While visiting my sister-in-law Gale and her husband Donnie in Appleton, Wisconsin, a few months ago, we were introduced to several new things. Brats, for one, made deliciously by Curly’s Pub at Lambeau Field, home of the Packers. And curds, the “poor man’s shrimp,” yummy and chewy in cocktail sauce. But one new thing in particular really changed things around here. Gale and Donnie showed us their Nintendo Wii Fit setup.
I lost interest in video games about the time Pac-Man and Missile Command were still sucking quarters out of people’s pockets in bars. I had no desire, none, to play those ladder games like Super Mario Brothers and Donkey Kong, and when they graduated to endless horizontal scrolls in the home versions, I could only watch my nephew play for a couple minutes tops, then goodbye, with a slight twinge of annoyance. So I never cared about the differences between, say, an Xbox or a PlayStation. But this Nintendo Wii is a mutha.
To begin with, the wireless controller is loose in space with you. It can track any movement you make with your arms, which comes in handy when it’s time to curve a bowling ball or put topspin on a tennis forehand. The Wii Sports disc, which is the platform’s most popular software, also lets you play baseball or golf, and – by far the most popular sport on the disc – box against a computer fighter.
But the sports disc isn’t what sold me a Wii. It was the fitness software that made my jaw drop.
Now we’re using the wireless controller with an expertly selected combination of yoga, strength, aerobic and balance exercises. For most of them, we’re standing on a sensitive plastic board which can judge our footwork and balance in minute detail. This is how the system can rate the user numerically and assign points to every iteration of nearly every exercise. So you’re competing against yourself for better form and posture, and with anyone else also using the system.
You have a computer-generated “personal trainer” who encourages you (“Way to go!”) or chides you (“You’re swaying a little.”), whatever you deserve. The “personal” interchanges can be comical: I use Wii Fit every morning, while Linda stays in shape with long, leisurely runs. (She’ll probably be a more frequent customer when it gets cold.) So every few days, the machine says, “You know, I haven’t seen Linda lately.” Once it asked, “How do you think Linda’s posture looks today?” and gave me a multiple choice. I said it looked great. The response: “Well, why don’t you tell her so?”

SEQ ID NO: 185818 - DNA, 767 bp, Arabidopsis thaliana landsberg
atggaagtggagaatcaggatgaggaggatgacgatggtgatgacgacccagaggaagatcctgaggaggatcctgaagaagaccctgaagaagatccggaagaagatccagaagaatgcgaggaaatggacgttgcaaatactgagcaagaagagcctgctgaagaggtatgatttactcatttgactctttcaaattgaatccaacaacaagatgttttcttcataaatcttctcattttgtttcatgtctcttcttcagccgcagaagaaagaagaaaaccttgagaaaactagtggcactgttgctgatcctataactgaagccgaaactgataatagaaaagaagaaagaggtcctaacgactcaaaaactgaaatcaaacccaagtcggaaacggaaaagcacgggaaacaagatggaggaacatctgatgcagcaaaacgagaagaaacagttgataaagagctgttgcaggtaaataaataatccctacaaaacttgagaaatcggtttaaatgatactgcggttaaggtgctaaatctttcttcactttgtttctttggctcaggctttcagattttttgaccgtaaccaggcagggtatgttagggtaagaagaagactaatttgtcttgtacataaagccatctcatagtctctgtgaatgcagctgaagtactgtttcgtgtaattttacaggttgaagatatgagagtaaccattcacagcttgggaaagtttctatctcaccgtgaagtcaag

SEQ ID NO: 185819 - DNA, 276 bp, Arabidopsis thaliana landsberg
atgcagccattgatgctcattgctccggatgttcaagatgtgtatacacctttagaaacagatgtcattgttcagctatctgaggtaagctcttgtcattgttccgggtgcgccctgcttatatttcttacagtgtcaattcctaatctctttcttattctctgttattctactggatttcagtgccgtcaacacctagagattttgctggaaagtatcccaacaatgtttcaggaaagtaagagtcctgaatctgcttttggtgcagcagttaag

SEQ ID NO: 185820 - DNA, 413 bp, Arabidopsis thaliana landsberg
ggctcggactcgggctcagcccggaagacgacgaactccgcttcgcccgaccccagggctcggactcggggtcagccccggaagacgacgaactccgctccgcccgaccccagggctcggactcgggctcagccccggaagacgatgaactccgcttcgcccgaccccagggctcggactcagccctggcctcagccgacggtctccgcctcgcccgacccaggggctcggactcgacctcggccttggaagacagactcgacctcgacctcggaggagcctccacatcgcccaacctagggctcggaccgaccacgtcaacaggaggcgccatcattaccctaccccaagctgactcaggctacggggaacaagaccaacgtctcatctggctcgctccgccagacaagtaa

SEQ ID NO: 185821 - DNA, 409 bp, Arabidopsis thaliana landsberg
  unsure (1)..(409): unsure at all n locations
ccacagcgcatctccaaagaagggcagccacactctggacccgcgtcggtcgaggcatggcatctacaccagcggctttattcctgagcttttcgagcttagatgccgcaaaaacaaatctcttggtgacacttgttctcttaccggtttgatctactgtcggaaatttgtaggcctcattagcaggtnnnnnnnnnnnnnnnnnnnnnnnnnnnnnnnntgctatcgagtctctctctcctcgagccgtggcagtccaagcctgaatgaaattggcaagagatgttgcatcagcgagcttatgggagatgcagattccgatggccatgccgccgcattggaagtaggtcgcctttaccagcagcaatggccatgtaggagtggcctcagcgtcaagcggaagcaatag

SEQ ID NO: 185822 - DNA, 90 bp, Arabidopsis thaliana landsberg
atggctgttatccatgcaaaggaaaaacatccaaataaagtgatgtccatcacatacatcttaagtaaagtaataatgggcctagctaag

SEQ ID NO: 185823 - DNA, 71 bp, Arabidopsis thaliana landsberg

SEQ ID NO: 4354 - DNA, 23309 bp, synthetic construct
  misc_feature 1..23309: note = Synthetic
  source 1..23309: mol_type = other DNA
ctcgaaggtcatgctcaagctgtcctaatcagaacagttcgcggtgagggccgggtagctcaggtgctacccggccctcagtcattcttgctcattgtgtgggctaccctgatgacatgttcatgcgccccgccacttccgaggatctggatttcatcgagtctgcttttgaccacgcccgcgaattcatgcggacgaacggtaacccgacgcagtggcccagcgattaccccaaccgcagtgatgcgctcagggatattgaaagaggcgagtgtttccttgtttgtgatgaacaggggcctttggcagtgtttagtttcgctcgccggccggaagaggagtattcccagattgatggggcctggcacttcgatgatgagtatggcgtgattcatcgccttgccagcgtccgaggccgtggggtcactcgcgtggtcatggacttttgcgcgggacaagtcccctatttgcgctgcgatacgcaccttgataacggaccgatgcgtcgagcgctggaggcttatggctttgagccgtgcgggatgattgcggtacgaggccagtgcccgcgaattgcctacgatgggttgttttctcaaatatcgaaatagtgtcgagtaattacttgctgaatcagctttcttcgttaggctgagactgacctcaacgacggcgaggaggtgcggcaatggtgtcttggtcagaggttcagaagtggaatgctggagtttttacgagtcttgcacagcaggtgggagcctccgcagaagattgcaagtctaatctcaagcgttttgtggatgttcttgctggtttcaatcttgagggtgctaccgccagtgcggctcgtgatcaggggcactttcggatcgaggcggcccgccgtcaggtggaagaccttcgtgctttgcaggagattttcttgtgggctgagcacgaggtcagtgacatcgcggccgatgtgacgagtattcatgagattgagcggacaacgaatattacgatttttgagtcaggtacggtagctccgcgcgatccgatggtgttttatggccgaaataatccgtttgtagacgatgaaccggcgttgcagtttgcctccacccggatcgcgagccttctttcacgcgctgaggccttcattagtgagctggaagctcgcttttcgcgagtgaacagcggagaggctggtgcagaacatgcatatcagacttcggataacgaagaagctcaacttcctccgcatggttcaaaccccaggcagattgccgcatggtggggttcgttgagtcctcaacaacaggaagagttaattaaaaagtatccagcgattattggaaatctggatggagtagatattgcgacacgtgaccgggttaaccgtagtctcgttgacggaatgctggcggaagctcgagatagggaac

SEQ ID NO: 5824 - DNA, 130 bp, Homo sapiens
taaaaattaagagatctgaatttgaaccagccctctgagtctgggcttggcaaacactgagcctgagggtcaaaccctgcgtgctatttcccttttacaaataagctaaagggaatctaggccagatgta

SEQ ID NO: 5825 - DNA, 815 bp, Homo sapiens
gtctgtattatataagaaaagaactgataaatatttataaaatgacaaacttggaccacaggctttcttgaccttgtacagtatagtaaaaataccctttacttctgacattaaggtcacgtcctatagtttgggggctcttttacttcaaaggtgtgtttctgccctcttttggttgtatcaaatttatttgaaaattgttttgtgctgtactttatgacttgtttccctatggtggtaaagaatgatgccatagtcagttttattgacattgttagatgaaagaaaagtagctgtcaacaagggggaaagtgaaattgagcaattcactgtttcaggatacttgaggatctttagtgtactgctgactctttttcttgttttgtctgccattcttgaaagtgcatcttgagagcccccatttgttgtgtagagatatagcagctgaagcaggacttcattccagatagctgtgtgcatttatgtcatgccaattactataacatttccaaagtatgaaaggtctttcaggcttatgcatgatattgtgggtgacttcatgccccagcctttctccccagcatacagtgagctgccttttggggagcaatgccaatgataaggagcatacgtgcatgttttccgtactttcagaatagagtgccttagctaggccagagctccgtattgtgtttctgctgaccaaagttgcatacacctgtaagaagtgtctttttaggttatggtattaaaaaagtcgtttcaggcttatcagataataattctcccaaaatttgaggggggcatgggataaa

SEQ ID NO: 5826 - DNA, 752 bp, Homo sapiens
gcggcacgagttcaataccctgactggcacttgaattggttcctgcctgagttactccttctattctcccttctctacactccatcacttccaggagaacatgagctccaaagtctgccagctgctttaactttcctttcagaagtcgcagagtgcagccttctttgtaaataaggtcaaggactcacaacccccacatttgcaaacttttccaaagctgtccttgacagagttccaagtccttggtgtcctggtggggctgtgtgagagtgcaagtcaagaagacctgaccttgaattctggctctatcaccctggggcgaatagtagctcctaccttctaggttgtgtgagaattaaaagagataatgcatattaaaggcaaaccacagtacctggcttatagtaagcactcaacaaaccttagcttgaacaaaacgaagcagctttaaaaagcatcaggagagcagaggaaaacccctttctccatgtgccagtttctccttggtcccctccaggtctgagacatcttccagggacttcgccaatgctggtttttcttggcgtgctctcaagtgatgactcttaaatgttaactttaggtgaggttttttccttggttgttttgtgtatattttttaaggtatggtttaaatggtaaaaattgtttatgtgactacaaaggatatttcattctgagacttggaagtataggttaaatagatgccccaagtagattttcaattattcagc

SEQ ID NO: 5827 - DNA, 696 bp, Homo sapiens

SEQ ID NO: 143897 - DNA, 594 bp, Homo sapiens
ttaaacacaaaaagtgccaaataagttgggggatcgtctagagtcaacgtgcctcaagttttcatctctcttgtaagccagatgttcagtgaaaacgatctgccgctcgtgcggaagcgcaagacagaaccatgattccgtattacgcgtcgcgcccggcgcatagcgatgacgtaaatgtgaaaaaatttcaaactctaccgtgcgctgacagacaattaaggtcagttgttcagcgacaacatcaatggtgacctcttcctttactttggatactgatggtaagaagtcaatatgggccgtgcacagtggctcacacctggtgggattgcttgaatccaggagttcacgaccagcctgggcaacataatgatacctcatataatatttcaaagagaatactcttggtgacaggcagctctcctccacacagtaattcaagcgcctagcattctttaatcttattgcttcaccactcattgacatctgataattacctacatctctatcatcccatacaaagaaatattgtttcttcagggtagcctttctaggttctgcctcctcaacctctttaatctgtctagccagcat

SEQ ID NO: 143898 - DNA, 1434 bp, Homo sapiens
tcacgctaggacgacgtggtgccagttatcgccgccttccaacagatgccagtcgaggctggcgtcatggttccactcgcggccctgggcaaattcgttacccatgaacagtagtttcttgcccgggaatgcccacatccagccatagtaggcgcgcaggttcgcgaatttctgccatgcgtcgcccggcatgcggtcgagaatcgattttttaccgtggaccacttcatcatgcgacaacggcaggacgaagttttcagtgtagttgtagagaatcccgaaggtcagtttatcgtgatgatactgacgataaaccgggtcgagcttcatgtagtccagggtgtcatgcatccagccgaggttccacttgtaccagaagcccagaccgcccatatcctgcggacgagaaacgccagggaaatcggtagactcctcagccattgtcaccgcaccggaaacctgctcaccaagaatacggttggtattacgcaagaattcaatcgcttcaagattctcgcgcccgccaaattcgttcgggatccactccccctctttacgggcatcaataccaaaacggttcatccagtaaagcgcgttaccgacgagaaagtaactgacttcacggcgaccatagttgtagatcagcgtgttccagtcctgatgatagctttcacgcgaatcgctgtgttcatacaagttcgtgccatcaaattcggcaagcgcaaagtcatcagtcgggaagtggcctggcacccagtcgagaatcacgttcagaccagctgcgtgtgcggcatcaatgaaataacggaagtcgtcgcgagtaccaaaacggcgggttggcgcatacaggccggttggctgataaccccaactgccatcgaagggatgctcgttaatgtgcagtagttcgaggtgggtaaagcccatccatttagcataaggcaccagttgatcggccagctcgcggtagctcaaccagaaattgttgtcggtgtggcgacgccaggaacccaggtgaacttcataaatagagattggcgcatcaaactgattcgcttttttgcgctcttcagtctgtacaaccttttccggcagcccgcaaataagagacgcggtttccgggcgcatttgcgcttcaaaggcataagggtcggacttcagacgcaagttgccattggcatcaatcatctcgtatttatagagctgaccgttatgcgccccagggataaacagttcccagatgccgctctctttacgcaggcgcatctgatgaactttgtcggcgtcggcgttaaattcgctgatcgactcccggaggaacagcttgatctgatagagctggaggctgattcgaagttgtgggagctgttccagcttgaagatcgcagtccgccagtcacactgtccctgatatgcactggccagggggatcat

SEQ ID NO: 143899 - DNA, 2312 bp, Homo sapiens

The yoga poses and strength exercises look pretty much like what you’d see in a class or a gym. But the balance and aerobic sections are full of the wild flights of fancy of the Nintendo gang – who, let’s face it, are really video game designers. Your pals kick soccer balls which you bounce off your head for points, but occasionally an old shoe comes your way, or the head of a panda, which looks just like a soccer ball until the last second. You box in rhythm, stepping forward and back on the Wii’s commands. You run around a lovely CG island, or even through your own house, as long as it’s wireless distance. You can walk a tightrope, negotiate a ski jump or slalom course, float downstream inside a giant bubble and try not to hit the many sharp points on the shore, or sit so perfectly still that you don’t disturb a candle flame. Everything regarding aerobics or balance, they have made into a game.
You are represented by a little computer figure called a “Mii,” which you can deck out however you like. Since our Wii is connected to our wireless router, we can also download Miis created by others, which then populate our cartoon world: they cheer us along on the running path, applaud in the audience as we step on and off the balance board in perfect rhythm. Everybody is so earnest about my getting fit that it’s delightful, in a postmodern way.
And does it work? Well, I lost 11 pounds in the first two months, which is a pretty good pace. (It lists my ideal weight if I want, but I’ll never see that again, bub.) I get real-world fitness tips too: for instance, if you can’t exercise at least ten minutes in a stretch, at least 30 minutes in a day, you’re not doing yourself much good. But the most important contribution is that I’m more aware of my body. The Wii weighs me every morning, and it’s become painfully evident that there are two things involved in losing poundage: the exercise, and being more careful about what I cram into my piehole. Most astonishingly, I’ve begun to look forward to my daily workout. I hate to exercise, but this thing makes it fun.
Just this morning I installed the new Wii Sports Resort, more sports games including something I’ve wanted all my life, a Frisbee dog. They’ve come up with this new controller called Motion Plus, which is way more sensitive and makes it that much harder to properly release an arrow or swing a golf club. But the real anticipation is for the October release of Wii Fit II, more ways to have fun and do right by my body. It didn’t turn out to be a trend or fad – it’s legit workout gear, and whenever I’m home, I wouldn’t start my day without it.